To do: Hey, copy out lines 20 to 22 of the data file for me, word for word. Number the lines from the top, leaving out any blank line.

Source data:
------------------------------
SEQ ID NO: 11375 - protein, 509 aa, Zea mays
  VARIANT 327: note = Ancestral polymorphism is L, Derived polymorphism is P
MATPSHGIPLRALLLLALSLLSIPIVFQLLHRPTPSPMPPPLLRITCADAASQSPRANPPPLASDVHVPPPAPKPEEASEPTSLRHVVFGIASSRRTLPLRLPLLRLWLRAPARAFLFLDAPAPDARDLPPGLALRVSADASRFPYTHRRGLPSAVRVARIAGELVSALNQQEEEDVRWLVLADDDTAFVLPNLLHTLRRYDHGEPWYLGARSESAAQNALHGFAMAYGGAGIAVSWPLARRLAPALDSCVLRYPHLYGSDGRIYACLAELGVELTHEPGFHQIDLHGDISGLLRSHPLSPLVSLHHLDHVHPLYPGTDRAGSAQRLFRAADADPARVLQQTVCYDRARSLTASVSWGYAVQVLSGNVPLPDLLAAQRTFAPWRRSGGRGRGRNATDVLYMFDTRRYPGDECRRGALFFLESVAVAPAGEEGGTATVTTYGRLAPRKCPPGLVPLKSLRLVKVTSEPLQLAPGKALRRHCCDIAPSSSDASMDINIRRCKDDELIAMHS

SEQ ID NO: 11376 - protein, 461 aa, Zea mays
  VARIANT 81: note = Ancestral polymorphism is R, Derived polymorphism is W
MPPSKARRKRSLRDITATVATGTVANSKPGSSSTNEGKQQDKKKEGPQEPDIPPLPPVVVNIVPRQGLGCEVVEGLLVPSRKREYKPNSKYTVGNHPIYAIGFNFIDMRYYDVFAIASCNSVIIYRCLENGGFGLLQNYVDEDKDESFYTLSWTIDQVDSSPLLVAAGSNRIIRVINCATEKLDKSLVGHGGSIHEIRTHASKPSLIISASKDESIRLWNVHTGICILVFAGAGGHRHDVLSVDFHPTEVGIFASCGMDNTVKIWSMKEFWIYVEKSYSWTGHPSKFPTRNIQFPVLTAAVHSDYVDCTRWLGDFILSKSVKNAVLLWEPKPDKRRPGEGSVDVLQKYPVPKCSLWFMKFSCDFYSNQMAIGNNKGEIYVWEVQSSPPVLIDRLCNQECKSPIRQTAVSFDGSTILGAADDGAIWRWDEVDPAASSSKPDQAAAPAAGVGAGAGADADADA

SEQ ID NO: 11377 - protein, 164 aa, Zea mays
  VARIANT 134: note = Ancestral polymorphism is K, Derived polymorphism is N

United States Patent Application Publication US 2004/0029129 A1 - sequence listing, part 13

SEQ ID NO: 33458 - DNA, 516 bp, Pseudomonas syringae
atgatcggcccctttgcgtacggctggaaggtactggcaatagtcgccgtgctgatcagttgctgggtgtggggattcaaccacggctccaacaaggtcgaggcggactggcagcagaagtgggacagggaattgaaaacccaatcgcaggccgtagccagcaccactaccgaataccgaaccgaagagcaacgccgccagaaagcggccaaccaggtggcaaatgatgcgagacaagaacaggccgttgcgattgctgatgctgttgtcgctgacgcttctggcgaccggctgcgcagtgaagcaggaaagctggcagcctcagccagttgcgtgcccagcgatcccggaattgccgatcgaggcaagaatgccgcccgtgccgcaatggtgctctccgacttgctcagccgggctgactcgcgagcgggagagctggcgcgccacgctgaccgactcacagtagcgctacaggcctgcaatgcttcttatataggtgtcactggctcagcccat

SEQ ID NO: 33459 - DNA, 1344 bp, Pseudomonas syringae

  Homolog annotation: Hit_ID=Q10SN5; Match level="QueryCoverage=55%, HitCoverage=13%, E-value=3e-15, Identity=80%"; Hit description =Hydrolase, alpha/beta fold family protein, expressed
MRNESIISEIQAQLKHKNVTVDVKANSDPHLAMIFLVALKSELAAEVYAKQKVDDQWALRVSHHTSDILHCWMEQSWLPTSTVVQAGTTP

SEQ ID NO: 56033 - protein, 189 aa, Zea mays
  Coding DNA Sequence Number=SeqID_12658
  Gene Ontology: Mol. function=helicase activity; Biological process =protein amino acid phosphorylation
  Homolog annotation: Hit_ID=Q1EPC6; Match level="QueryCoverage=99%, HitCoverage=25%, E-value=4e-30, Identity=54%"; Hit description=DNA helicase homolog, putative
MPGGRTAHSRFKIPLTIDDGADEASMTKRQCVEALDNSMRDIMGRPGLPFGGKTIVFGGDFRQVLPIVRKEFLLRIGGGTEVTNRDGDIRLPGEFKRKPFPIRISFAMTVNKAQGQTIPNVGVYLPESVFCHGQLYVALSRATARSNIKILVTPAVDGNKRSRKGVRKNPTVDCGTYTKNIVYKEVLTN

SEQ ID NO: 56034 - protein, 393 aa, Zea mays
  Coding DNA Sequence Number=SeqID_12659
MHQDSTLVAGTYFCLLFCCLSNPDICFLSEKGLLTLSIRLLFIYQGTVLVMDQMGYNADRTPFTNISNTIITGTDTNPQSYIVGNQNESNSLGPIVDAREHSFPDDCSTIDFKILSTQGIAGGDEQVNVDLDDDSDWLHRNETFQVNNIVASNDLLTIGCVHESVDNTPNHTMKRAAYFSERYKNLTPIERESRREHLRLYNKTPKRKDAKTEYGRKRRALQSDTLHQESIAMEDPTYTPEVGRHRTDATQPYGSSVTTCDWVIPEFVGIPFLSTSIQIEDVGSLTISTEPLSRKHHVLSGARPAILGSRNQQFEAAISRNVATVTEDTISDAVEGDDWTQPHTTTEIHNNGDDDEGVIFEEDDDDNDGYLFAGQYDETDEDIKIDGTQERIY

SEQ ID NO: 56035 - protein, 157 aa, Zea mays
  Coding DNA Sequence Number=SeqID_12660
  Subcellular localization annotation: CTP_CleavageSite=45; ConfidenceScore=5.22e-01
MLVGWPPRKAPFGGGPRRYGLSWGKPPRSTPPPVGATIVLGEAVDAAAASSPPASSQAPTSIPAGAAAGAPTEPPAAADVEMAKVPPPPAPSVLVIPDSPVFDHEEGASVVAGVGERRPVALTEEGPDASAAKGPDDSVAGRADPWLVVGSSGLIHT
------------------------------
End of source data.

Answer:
SEQ ID NO: 56034 - protein, 393 aa, Zea mays
  Coding DNA Sequence Number=SeqID_12659
MHQDSTLVAGTYFCLLFCCLSNPDICFLSEKGLLTLSIRLLFIYQGTVLVMDQMGYNADRTPFTNISNTIITGTDTNPQSYIVGNQNESNSLGPIVDAREHSFPDDCSTIDFKILSTQGIAGGDEQVNVDLDDDSDWLHRNETFQVNNIVASNDLLTIGCVHESVDNTPNHTMKRAAYFSERYKNLTPIERESRREHLRLYNKTPKRKDAKTEYGRKRRALQSDTLHQESIAMEDPTYTPEVGRHRTDATQPYGSSVTTCDWVIPEFVGIPFLSTSIQIEDVGSLTISTEPLSRKHHVLSGARPAILGSRNQQFEAAISRNVATVTEDTISDAVEGDDWTQPHTTTEIHNNGDDDEGVIFEEDDDDNDGYLFAGQYDETDEDIKIDGTQERIY